In 1969, barely two years after the 1967 Six-Day War, a team of Israeli archaeologists made an exploratory excavation at the base of one of the numerous sites in the Sinai Peninsula proposed as Biblical Mt. Sinai. It was not long before a member of the team exposed a piece of rock with a single Hebrew letter on it. This naturally led to more intensive excavation in this area, as a result of which additional, larger pieces of inscribed stones were recovered. They were taken to Israel for further study.
When examined by paleographers, experts in dating inscriptions by the shape and form of the letters, they were in agreement that this inscription dated to about 1200 B.C.E.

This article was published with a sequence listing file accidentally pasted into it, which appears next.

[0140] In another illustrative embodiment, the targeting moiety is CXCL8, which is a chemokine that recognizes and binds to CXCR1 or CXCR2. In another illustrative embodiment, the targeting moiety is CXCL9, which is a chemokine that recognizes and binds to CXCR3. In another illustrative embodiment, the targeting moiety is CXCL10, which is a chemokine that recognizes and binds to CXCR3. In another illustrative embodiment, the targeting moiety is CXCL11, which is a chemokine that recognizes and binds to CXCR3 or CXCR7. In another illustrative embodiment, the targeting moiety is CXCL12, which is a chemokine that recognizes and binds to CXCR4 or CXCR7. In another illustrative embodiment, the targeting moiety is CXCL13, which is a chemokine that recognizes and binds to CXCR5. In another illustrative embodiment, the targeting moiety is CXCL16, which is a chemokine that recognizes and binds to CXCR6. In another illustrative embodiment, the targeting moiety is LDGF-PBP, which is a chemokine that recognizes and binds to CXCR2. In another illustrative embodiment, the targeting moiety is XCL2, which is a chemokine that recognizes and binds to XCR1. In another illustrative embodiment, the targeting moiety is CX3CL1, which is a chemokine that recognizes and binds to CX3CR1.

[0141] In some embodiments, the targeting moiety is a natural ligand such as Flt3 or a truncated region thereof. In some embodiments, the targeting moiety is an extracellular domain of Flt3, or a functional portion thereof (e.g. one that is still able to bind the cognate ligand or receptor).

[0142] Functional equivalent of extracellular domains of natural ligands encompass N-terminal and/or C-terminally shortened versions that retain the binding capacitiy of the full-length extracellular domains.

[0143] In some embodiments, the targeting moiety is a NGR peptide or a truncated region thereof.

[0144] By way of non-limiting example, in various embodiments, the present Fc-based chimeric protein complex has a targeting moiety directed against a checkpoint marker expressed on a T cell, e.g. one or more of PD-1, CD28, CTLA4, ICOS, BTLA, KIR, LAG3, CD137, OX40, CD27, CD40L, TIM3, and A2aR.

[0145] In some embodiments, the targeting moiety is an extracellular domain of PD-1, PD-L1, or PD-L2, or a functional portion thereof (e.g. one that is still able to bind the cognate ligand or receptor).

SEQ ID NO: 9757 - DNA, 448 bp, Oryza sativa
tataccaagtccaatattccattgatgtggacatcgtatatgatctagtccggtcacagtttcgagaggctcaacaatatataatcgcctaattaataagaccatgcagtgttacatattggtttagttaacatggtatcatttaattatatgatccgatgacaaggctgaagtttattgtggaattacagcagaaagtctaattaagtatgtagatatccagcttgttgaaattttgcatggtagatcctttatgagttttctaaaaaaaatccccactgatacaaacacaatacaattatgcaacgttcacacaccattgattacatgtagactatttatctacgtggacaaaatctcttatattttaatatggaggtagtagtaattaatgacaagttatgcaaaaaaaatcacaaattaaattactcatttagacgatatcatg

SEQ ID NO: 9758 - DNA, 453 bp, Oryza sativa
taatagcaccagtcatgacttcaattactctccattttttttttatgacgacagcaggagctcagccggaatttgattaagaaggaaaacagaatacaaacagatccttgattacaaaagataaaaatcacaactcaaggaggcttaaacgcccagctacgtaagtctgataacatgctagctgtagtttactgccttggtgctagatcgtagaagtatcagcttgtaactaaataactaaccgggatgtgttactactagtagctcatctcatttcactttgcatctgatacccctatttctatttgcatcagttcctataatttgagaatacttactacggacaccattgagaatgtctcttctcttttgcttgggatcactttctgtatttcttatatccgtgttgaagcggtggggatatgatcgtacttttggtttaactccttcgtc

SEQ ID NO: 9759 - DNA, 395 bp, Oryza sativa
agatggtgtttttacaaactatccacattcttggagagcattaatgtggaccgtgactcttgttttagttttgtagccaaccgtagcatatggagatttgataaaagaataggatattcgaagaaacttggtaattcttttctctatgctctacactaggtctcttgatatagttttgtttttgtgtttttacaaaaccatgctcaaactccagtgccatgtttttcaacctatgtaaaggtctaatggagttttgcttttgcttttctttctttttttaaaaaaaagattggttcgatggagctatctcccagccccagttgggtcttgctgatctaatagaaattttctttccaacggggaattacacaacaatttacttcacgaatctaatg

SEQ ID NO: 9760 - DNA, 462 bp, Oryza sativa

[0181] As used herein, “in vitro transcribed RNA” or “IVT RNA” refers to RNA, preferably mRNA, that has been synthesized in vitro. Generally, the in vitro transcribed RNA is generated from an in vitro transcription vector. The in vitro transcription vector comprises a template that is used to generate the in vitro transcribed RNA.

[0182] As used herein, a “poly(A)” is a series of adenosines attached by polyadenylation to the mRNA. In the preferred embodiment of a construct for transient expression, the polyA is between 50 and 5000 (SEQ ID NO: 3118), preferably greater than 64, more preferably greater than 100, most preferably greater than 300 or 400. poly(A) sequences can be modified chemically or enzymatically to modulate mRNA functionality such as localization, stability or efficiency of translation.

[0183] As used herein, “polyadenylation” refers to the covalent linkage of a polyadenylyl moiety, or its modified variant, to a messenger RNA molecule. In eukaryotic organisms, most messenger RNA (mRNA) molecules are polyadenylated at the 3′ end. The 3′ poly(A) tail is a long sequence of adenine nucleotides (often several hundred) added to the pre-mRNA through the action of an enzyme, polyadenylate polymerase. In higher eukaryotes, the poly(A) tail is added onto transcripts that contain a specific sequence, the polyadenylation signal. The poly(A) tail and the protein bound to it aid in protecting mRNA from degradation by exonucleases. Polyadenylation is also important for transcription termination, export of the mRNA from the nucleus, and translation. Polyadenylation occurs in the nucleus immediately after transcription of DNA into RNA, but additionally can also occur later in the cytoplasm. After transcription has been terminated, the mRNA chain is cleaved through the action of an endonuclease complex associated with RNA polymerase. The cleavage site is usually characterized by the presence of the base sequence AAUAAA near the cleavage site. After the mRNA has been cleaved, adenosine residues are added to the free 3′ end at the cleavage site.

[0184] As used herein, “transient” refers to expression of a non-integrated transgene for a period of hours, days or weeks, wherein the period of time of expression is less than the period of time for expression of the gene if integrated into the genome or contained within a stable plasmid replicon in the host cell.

Gradually, the pieces of stone were fitted together. In the end, a few pieces from the end and on the side were missing, but they did not appear to have contained letters. What could be read was clear. Word for word, the inscription was identical to the text of the Ten Commandments. This text appears in the Bible twice, once in Exodus 20 and again in Deuteronomy 5. There are some differences, but the most important is in the Fourth Commandment’s reasons for the observance of the Sabbath. Surprisingly, the text on the reconstructed stone tablets from Sinai follows Deuteronomy more closely than Exodus.